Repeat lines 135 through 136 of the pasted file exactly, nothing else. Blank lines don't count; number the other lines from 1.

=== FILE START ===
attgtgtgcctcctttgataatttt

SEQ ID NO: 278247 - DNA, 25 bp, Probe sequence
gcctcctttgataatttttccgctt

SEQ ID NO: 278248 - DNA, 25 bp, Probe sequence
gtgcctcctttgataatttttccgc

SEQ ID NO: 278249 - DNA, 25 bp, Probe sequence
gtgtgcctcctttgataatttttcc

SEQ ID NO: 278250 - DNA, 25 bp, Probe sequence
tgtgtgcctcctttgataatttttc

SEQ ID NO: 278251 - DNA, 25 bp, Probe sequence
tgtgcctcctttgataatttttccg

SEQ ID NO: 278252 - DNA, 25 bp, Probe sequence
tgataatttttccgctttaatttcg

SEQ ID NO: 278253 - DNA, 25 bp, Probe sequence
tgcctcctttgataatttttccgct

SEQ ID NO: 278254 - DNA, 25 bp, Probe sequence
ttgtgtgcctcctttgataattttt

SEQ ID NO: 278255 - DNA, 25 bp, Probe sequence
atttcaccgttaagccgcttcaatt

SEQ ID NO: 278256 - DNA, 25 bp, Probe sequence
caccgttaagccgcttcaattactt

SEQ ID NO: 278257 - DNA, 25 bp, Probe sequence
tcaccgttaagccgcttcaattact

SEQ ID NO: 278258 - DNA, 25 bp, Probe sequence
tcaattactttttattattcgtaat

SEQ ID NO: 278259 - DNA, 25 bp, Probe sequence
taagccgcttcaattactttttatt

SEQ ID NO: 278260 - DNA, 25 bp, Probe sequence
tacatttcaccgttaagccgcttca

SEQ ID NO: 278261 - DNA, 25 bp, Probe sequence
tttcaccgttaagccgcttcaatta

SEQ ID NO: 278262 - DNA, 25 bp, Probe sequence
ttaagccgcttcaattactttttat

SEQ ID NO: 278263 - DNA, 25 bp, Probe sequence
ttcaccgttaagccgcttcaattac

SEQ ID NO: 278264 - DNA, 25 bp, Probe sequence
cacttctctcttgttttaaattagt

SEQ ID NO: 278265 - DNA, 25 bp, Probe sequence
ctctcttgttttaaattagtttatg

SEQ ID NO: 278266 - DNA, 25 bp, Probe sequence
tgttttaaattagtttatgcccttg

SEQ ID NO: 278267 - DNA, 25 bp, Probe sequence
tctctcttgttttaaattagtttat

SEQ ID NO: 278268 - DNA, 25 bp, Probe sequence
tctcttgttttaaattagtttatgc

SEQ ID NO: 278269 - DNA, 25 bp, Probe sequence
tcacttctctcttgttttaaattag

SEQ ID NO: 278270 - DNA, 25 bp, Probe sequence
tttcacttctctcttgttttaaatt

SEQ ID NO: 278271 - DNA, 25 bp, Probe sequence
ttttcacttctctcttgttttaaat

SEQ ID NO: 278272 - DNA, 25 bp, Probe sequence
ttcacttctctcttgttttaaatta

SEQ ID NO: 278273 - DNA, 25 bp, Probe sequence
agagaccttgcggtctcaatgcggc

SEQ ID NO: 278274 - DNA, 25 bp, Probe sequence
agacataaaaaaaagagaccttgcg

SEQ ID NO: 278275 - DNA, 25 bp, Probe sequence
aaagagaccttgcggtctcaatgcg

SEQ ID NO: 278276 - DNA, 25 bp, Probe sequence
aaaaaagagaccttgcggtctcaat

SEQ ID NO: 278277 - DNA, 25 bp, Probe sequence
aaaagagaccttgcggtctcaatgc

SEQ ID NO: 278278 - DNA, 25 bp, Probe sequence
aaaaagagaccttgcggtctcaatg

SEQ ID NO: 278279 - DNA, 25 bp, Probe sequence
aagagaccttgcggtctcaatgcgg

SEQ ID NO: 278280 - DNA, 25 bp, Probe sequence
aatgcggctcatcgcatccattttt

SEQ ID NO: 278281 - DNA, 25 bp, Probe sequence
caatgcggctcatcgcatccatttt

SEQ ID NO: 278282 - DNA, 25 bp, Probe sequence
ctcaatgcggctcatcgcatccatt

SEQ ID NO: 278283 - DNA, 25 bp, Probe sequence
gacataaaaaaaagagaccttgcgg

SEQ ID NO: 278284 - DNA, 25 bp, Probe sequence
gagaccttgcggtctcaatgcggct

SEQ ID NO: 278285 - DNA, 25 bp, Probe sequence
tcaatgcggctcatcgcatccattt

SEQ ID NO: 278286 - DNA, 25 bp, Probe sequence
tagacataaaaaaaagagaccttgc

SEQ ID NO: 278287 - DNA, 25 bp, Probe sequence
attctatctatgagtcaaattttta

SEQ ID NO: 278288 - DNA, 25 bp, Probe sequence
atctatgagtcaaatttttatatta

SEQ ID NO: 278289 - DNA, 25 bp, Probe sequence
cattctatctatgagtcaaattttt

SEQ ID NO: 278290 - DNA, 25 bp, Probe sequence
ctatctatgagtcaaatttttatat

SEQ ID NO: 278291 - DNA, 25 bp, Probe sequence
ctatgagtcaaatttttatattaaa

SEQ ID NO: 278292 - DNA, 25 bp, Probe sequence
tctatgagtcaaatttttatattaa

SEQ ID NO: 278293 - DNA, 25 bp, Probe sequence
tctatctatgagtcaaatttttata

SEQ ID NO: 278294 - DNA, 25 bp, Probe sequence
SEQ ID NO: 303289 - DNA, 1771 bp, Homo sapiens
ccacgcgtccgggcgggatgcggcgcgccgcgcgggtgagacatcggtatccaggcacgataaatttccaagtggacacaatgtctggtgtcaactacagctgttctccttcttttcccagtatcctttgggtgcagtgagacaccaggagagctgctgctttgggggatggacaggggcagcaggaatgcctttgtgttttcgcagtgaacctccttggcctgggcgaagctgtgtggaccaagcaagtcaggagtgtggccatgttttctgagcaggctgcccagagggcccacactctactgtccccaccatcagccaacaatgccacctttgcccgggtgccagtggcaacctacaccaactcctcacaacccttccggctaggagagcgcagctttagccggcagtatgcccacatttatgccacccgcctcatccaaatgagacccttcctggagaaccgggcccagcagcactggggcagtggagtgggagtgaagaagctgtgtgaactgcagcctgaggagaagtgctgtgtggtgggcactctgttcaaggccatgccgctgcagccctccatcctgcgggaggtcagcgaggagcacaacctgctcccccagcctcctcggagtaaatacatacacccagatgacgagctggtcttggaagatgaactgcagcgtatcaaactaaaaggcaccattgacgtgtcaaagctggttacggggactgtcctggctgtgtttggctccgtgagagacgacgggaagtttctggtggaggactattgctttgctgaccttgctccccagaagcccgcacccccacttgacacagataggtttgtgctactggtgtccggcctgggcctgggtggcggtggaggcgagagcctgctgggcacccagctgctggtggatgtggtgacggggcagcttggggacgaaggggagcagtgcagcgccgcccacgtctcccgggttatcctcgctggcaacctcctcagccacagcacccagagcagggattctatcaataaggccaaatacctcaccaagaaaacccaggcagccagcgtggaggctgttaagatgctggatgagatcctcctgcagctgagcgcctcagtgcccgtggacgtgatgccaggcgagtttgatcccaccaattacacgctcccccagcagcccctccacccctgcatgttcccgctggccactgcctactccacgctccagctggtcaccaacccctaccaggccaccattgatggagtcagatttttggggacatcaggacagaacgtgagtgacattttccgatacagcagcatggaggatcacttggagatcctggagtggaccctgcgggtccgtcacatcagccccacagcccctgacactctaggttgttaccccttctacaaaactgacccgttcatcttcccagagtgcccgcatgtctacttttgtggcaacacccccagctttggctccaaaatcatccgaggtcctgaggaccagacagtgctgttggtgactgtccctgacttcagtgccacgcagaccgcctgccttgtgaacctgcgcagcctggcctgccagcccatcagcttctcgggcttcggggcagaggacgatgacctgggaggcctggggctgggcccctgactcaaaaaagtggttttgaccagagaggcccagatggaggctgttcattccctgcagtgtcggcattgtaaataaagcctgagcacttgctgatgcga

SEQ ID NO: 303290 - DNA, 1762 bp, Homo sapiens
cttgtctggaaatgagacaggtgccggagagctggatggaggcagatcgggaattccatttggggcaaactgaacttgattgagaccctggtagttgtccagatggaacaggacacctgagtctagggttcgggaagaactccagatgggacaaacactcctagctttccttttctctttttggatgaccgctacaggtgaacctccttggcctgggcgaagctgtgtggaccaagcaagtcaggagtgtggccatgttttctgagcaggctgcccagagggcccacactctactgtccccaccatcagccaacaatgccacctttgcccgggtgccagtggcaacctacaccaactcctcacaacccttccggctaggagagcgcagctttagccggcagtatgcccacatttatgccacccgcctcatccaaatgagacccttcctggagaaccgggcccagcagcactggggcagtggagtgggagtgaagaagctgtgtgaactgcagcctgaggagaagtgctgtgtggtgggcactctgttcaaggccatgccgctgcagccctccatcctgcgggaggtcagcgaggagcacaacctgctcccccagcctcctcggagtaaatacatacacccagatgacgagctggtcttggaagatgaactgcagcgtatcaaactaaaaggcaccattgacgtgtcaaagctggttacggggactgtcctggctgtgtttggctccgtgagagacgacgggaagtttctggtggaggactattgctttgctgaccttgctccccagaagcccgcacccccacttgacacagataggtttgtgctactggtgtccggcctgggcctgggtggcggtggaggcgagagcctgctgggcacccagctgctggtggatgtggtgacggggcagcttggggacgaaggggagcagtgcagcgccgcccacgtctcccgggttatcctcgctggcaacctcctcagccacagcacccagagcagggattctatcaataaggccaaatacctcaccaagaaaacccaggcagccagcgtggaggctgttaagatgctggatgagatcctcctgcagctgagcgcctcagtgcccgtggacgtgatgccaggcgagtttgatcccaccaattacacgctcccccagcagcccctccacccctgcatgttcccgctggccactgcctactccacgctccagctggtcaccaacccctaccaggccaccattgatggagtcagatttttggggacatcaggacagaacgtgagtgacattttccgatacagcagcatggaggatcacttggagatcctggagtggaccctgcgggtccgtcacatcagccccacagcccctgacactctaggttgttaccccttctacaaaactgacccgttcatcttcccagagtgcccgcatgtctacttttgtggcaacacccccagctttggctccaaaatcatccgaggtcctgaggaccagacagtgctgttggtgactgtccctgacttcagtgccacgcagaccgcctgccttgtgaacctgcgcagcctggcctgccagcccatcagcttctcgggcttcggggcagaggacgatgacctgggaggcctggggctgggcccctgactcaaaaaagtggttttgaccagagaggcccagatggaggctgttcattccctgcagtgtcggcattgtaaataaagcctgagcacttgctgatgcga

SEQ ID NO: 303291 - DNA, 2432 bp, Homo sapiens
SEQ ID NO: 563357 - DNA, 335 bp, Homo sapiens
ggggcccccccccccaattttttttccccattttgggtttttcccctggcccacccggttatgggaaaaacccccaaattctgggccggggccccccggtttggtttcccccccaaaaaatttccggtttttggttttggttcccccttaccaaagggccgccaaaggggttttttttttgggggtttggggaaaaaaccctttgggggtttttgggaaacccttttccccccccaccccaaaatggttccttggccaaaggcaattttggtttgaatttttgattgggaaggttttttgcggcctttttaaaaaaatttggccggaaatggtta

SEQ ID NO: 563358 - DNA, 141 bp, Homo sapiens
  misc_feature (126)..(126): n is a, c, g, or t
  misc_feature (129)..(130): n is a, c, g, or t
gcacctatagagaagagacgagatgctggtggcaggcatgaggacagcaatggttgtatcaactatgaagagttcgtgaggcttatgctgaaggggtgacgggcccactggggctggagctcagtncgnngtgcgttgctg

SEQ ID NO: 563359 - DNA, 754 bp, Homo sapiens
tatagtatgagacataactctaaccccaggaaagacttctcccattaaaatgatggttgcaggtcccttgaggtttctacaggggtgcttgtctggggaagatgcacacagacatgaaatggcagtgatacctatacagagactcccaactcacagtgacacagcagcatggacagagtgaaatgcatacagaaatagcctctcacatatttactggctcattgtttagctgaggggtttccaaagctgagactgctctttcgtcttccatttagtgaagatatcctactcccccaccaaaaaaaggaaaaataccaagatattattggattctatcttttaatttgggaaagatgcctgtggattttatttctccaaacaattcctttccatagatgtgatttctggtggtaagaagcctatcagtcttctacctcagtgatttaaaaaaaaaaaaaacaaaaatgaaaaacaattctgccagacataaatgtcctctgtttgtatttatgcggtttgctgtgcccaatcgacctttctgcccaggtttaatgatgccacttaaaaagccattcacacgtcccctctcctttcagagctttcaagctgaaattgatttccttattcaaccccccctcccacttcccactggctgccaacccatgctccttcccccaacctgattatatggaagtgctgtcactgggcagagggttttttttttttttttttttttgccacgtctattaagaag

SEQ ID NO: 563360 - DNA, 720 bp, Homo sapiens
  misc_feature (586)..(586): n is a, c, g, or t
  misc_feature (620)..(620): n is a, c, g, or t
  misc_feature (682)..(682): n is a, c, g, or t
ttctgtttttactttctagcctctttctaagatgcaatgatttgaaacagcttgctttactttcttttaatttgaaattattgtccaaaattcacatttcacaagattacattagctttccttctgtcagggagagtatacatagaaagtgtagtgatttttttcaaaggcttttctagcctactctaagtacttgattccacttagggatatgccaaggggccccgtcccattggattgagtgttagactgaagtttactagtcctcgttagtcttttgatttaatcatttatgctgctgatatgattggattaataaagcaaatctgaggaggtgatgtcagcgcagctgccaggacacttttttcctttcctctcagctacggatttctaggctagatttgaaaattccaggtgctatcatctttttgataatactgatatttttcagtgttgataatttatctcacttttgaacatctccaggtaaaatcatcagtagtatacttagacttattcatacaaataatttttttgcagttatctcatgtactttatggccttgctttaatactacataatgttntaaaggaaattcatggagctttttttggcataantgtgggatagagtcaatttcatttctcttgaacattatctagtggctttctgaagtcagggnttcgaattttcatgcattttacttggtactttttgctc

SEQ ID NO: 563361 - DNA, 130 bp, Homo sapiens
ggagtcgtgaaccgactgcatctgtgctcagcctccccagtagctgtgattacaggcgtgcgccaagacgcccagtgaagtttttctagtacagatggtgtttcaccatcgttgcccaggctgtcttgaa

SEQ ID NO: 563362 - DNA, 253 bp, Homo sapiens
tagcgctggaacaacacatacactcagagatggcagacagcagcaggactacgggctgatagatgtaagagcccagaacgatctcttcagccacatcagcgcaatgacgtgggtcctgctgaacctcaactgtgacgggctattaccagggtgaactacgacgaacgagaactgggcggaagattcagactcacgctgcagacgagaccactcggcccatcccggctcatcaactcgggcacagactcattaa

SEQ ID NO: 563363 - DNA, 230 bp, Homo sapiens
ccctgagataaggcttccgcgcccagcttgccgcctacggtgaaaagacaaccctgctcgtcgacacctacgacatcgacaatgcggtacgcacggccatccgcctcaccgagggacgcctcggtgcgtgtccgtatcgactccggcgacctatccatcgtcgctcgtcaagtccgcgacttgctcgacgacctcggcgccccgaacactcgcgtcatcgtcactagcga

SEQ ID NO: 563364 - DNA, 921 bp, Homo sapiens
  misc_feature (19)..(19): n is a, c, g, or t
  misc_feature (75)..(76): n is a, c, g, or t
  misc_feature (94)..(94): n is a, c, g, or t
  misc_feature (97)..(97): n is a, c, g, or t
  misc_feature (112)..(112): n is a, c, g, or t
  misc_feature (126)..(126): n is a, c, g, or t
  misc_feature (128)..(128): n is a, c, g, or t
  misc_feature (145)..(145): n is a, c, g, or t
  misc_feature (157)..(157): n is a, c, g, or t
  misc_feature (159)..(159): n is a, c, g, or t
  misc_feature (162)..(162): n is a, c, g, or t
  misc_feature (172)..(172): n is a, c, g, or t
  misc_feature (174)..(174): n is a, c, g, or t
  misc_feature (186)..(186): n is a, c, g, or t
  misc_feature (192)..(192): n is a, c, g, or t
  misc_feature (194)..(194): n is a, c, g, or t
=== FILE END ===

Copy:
  misc_feature (186)..(186): n is a, c, g, or t
  misc_feature (192)..(192): n is a, c, g, or t